By Danny O’Neil
The threat of a running quarterback works both ways.
That has become apparent this offseason as defensive coaches across the league have sent out a not-so-subtle warning to any team that chooses to involve its quarterback in the running game.
Russell Wilson mostly avoided big hits while rushing for 489 yards last season. (AP)
“We’ll see if guys are committed to getting their guys hit,” Steelers coach Mike Tomlin said back in March.
Lions defensive coordinator Gunther Cunningham made a follow-up to Tomlin’s brushback pitch.
“The problem is for those quarterbacks, one of these days one of them is not going to walk off,” Cunningham said last week, according to the team’s website. “It’s a lot of pressure on him to physically do that.”
The option offense is hardly new, and this current trend has been kicking around the league for a few years now going back to Michael Vick in Atlanta and Vince Young in Tennessee in 2006. But now, the roots have spread from Carolina with Cam Newton to Washington’s Robert Griffin III to the West Coast, where Seattle’s Russell Wilson and San Francisco’s Colin Kaepernick are dueling dual threats.
That tough talk from defensive coaches around the league this offseason shows where teams are going to be aiming this season: the opposing quarterback.
Better not miss then, said Tom Cable, Seattle’s offensive line coach.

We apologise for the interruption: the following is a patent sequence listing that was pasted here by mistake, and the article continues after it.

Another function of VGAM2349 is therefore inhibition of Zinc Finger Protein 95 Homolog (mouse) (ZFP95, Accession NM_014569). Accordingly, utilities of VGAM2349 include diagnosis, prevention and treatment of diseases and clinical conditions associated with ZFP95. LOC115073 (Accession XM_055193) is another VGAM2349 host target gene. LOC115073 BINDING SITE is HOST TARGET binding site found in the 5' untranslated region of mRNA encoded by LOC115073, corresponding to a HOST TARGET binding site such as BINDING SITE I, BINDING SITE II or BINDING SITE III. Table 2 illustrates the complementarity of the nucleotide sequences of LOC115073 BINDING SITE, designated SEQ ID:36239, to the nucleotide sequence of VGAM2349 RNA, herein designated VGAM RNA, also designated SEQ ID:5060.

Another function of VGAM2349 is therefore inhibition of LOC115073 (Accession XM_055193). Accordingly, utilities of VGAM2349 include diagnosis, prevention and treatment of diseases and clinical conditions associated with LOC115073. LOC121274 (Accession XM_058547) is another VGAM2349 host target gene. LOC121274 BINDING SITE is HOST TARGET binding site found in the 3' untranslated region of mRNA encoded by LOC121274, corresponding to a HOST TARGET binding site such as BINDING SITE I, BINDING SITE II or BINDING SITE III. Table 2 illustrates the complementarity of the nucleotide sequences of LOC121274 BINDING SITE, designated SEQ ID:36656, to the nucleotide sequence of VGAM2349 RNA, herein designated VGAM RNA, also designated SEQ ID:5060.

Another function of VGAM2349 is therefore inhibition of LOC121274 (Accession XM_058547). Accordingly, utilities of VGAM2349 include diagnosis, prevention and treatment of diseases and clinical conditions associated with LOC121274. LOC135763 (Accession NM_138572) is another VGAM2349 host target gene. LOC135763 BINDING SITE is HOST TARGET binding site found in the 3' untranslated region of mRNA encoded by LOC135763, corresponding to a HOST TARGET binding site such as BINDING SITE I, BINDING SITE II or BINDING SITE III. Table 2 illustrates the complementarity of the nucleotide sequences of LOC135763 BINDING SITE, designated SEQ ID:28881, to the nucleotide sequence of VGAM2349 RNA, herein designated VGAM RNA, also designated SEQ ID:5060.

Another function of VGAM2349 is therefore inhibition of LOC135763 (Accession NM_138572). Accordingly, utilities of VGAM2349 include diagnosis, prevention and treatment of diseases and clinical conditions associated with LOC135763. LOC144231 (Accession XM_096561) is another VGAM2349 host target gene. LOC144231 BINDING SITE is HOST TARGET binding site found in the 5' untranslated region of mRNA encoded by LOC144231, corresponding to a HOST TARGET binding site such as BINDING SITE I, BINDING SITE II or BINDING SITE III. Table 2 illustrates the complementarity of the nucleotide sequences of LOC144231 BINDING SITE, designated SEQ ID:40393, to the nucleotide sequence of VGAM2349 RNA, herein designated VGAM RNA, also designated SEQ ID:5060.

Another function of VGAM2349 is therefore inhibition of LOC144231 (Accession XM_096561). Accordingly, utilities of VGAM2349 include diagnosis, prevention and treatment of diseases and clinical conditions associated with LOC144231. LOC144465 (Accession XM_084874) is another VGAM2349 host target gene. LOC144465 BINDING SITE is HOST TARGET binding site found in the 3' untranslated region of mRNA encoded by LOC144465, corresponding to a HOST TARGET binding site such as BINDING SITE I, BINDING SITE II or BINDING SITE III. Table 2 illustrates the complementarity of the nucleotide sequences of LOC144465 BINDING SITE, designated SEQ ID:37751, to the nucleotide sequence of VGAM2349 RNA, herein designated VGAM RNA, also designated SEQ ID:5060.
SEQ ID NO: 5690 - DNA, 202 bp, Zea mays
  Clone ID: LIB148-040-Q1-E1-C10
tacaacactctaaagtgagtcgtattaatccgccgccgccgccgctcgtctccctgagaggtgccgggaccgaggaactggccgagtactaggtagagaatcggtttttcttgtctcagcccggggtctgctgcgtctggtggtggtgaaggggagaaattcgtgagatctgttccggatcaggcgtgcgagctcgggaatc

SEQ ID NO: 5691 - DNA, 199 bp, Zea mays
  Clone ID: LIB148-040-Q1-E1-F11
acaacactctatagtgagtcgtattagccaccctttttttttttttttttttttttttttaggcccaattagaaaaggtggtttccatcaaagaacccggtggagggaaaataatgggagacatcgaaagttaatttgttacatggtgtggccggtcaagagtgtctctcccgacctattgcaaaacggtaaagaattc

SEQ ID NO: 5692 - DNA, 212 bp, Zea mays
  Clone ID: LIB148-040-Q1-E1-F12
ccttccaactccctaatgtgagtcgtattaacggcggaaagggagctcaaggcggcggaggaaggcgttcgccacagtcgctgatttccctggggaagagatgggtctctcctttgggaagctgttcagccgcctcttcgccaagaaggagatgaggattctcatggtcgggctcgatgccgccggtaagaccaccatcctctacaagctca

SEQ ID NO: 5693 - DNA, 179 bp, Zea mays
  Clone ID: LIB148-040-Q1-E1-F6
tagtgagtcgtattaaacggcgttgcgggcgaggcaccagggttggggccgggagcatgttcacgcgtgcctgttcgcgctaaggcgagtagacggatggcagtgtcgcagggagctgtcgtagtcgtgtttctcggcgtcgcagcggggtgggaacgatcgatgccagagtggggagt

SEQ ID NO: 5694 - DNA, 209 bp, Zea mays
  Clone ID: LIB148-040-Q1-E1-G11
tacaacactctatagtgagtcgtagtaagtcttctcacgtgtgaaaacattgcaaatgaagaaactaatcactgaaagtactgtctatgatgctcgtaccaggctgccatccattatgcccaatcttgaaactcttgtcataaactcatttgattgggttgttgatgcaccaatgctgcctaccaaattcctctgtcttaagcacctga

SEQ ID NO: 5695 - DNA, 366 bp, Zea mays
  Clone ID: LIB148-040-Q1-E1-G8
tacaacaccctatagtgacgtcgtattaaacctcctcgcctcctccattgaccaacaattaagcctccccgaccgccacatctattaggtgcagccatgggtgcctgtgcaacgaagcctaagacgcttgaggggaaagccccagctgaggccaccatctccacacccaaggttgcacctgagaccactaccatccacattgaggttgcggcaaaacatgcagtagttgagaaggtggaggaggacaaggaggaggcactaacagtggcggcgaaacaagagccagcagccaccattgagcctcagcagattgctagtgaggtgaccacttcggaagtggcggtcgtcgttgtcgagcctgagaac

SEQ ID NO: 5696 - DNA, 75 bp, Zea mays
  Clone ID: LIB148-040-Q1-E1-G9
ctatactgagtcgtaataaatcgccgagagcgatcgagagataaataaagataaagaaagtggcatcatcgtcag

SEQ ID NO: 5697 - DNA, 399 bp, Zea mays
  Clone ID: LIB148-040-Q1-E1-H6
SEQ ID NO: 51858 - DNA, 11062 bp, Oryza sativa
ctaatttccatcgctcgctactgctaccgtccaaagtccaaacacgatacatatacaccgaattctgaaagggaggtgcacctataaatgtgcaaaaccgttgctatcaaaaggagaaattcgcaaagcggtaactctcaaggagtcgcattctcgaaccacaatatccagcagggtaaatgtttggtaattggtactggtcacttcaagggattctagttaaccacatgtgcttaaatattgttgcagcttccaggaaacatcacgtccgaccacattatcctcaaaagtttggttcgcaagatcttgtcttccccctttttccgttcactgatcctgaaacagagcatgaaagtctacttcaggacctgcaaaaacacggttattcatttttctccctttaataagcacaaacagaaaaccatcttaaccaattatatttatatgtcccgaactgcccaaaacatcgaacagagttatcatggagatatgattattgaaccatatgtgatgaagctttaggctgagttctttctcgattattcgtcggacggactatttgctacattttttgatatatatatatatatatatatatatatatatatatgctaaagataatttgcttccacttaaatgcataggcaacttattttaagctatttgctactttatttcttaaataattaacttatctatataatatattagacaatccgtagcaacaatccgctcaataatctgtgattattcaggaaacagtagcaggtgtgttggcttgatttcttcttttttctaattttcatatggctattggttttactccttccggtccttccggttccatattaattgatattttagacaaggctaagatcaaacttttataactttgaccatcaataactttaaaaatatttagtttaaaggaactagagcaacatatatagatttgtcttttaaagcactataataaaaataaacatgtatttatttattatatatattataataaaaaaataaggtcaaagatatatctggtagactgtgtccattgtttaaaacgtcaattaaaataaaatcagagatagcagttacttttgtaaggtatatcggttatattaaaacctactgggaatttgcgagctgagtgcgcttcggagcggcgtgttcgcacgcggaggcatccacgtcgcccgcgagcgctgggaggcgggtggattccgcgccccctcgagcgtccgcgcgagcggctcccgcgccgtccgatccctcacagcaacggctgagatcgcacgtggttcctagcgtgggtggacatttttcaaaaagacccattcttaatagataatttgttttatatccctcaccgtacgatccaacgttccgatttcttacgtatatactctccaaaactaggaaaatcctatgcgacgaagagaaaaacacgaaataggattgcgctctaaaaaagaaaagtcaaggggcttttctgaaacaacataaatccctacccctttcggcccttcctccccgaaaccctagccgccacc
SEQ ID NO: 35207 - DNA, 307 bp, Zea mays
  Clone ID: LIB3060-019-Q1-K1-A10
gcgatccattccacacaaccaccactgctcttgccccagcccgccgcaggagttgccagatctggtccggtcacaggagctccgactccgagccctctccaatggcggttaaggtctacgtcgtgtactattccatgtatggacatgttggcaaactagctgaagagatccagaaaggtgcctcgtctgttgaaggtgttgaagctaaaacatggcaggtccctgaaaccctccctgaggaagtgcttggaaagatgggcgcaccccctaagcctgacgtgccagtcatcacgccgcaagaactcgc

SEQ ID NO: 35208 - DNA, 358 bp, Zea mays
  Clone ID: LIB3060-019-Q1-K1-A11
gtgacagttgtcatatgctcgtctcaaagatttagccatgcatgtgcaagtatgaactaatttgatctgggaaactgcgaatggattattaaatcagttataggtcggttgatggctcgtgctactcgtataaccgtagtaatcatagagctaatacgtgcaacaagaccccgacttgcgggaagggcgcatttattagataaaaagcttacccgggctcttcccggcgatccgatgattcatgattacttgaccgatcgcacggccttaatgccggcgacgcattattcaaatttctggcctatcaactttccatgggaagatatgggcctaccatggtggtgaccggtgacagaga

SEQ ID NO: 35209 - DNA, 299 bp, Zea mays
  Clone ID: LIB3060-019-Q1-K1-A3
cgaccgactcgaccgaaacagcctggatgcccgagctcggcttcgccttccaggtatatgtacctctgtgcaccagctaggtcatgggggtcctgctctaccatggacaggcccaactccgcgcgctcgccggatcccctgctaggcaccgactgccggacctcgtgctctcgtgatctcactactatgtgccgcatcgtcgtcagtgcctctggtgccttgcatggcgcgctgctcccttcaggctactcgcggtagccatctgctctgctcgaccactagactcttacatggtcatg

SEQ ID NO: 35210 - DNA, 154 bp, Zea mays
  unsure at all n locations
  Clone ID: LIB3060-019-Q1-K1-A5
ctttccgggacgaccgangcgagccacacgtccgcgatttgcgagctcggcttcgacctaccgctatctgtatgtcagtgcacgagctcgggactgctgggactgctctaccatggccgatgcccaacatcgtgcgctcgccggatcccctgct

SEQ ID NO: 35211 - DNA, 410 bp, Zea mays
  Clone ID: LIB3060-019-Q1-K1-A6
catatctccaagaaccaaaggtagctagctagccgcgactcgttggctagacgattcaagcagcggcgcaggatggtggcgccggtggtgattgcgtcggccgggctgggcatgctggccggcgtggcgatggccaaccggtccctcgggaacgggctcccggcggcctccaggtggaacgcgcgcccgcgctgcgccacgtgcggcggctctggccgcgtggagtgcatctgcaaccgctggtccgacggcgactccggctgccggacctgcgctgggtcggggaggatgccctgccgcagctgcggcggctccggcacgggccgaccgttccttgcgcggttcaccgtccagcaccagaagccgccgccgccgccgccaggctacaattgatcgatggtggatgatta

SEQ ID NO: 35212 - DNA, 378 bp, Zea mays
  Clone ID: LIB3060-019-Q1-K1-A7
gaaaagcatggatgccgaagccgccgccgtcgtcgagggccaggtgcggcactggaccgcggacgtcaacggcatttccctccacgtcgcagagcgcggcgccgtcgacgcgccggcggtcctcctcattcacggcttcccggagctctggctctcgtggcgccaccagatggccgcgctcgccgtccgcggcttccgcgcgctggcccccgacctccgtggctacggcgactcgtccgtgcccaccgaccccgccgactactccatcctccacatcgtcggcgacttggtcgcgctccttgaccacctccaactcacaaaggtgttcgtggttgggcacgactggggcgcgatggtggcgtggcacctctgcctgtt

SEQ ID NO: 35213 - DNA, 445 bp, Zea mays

“If you’re going to do this, you better have the answers,” Cable said last month. “Because all we’ve heard all spring is every defensive coach in the NFL has said, ‘Man, I’m going to go to Texas A&M, I’m going to go to Clemson and I’m going to go to Oregon and see the new coach, figure this thing out.”
Russell Wilson was one of four quarterbacks to rush for more than 400 yards last season.
|Robert Griffin III, WSH|
|Yards per carry:||6.8||Touchdowns:||7|
|Cam Newton, CAR|
|Carries:||127||Yards per carry:||5.8||Touchdowns:||8|
|Russell Wilson, SEA|
|Yards per carry:||5.2||Touchdowns:||4|
|Colin Kaepernick, SF|
|Yards per carry:||6.6||Touchdowns:||5|
He did everything but say, “Bring it on.”
Now understand this: Cable has some experience in these matters. He coached in Atlanta while the Falcons featured Vick and had the league’s top rushing offense. He built Oakland’s ground game without a running quarterback, and now in Seattle, he’s got one of the league’s emerging stars in Wilson.
There’s no mystery why NFL teams have generally kept their quarterbacks from running the ball. You don’t want an opposing defense full of 250-pound mouthbreathers getting chances to knock your starter out of the game, especially if that starter happens to be a cornerstone of the franchise.
But there are ways to minimize those risks, too. The quarterback can slide feet first. He can step out of bounds. He can stay out of the no-man’s-land that is the middle of the field.
Now, not everyone is doing that.
“If you look at what Washington is doing or Carolina, the quarterback is part of it,” Cable said of those running games. “He’s going to go in there and keep it and run down there in what we call the briar patch.”
That’s not in Seattle’s plans. Never has been. Because even when Wilson became a larger part of the run game over the final month of the season – averaging 52 yards rushing and scoring four touchdowns over the final five regular-season games – there were limits to his freedom. He wasn’t to go up in that briar patch.
“We weren’t going to run him up in the there because in my opinion … that’s foolish,” Cable said. “We’re fortunate enough to have a franchise guy. Those are special dudes, so take care of him, and that’s what we’ll do.”
The question of just what opposing defenses can do to stop that is one of the most compelling questions for this NFL season.